Homes built by homeowners in Sri Lanka
March 16, 2022
Habitat for Humanity promotes innovative construction materials and technologies through multi-year partnerships such as the 14-million-euro (USD15.8 million) Homes not Houses project funded by the European Union in Sri Lanka. Featuring a homeowner-driven approach, about 45 per cent of the homes were built with innovative, sustainable and low-carbon construction technologies and materials, such as compressed stabilised earth blocks or CSEBs.
By the completion of the project in mid-June 2021, more than 2,370 conflict-affected families were able to resettle and rebuild their lives and future through sustainable housing and community economic development. Through Habitat Sri Lanka’s partner World Vision Lanka, about 46,000 people received skills training and livelihood support, and improved disaster resilience.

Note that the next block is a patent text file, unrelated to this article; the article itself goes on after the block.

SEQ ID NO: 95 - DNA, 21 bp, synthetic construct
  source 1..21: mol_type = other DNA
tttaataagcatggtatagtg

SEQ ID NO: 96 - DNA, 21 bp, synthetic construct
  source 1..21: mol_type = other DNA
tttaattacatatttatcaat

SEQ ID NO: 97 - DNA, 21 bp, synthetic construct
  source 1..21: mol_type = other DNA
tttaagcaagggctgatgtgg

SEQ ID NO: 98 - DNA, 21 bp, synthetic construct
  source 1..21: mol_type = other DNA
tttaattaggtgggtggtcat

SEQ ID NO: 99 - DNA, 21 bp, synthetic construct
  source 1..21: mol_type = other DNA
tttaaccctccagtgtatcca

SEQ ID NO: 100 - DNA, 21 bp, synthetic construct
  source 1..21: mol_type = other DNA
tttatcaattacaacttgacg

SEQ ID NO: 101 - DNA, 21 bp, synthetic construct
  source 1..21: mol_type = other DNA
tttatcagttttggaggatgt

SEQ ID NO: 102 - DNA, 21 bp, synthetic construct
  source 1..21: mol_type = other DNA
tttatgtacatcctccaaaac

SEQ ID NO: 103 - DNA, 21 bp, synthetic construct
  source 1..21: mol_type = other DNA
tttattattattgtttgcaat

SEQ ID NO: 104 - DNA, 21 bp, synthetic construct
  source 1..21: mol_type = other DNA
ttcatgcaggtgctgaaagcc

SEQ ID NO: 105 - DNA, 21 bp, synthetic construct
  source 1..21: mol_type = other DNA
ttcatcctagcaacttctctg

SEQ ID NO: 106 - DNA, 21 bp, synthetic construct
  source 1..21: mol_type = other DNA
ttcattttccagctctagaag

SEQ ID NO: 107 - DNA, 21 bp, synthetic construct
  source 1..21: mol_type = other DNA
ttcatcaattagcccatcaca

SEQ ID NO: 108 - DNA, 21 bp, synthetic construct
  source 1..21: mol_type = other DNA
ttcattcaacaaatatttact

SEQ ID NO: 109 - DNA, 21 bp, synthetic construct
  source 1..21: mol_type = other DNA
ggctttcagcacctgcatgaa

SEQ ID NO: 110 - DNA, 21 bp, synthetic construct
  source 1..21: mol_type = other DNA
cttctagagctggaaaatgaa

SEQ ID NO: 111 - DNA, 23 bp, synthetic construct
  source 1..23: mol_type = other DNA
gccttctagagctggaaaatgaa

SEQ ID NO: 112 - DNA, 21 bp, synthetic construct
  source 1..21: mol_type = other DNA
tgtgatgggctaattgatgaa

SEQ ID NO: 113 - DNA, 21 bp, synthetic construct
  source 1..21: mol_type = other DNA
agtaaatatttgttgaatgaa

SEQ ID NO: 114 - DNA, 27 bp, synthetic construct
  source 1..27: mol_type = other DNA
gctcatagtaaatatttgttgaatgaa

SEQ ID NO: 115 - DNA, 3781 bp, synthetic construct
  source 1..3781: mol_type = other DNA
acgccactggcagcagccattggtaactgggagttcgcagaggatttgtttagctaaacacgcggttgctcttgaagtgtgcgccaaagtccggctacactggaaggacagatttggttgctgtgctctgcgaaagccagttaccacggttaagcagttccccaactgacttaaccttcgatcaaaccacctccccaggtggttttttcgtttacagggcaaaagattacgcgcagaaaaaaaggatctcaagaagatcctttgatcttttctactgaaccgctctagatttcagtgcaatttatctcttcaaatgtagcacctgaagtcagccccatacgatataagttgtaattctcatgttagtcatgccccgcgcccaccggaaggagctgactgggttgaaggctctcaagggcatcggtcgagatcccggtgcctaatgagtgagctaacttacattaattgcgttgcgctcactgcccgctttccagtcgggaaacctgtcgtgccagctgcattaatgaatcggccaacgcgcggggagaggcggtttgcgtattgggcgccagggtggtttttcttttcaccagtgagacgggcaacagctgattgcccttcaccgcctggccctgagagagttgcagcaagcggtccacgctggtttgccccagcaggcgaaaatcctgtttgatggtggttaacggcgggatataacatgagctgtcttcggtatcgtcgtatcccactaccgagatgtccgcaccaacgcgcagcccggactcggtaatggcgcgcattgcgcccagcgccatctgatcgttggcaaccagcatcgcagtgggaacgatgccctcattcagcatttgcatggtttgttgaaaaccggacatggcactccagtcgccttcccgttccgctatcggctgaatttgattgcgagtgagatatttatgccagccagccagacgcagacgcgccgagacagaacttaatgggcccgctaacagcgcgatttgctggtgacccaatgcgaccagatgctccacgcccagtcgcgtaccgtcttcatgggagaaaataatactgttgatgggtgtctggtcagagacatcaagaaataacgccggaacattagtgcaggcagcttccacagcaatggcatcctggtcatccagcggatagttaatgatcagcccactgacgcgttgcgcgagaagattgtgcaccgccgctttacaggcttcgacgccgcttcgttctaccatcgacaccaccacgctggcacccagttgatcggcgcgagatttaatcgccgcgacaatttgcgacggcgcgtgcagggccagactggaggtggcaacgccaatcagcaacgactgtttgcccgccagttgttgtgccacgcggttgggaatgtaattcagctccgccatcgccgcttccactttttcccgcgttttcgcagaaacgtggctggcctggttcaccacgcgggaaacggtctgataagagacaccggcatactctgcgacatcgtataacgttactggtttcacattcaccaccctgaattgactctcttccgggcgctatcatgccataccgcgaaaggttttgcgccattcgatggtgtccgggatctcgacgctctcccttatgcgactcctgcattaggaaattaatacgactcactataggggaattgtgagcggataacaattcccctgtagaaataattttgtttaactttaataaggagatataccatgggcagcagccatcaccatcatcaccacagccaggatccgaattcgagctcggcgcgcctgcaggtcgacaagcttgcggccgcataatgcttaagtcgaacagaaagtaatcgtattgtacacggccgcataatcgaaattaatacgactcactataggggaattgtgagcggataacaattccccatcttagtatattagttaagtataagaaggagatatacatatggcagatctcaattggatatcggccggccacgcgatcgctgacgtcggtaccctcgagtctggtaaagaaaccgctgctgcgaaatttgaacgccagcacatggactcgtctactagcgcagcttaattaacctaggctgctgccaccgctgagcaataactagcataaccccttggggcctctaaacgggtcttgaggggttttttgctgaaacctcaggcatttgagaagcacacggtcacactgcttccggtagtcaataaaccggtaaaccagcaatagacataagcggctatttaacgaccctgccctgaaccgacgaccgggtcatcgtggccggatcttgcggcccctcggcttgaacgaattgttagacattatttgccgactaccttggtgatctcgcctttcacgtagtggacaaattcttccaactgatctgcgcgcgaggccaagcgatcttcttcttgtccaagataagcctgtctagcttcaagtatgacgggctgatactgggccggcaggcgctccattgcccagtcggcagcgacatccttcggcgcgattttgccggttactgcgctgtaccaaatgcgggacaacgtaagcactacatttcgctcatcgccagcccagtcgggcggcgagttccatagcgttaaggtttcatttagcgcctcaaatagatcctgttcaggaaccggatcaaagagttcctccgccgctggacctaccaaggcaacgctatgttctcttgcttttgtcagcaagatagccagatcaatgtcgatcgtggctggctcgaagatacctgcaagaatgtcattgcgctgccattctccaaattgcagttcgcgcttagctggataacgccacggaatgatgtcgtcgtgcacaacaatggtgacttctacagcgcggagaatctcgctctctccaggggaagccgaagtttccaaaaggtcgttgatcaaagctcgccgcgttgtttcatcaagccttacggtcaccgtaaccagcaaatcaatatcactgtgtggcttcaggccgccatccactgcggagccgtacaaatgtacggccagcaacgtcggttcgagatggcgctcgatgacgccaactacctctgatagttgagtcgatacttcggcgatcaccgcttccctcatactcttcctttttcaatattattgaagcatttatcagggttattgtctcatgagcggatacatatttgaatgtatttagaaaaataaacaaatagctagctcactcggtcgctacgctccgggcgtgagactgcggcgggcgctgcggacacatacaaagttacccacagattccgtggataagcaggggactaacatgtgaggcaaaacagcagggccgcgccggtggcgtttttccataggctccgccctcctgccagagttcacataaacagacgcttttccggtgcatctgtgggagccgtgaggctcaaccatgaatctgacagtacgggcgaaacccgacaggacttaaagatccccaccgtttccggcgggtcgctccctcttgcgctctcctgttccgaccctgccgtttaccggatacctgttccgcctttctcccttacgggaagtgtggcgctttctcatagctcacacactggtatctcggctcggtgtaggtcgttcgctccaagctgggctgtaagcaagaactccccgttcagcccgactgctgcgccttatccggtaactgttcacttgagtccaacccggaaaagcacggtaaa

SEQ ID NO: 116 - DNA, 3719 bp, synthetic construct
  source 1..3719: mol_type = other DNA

“Ours was the first CSEB home in our tightly knit community,” said Thushanthini who lives in Navagirinagar village in Sri Lanka’s Eastern Province. “Many of my neighbours came to visit us out of curiosity about this new material. Once they saw how versatile the bricks are and how nice they look even without plastering, the CSEBs became a popular selection for home construction.”
The blocks have the added benefit of boosting the local economy. Thushanthini’s husband, Mathivathanan, was among 138 people trained to produce CSEBs and build with them through the Homes not Houses project.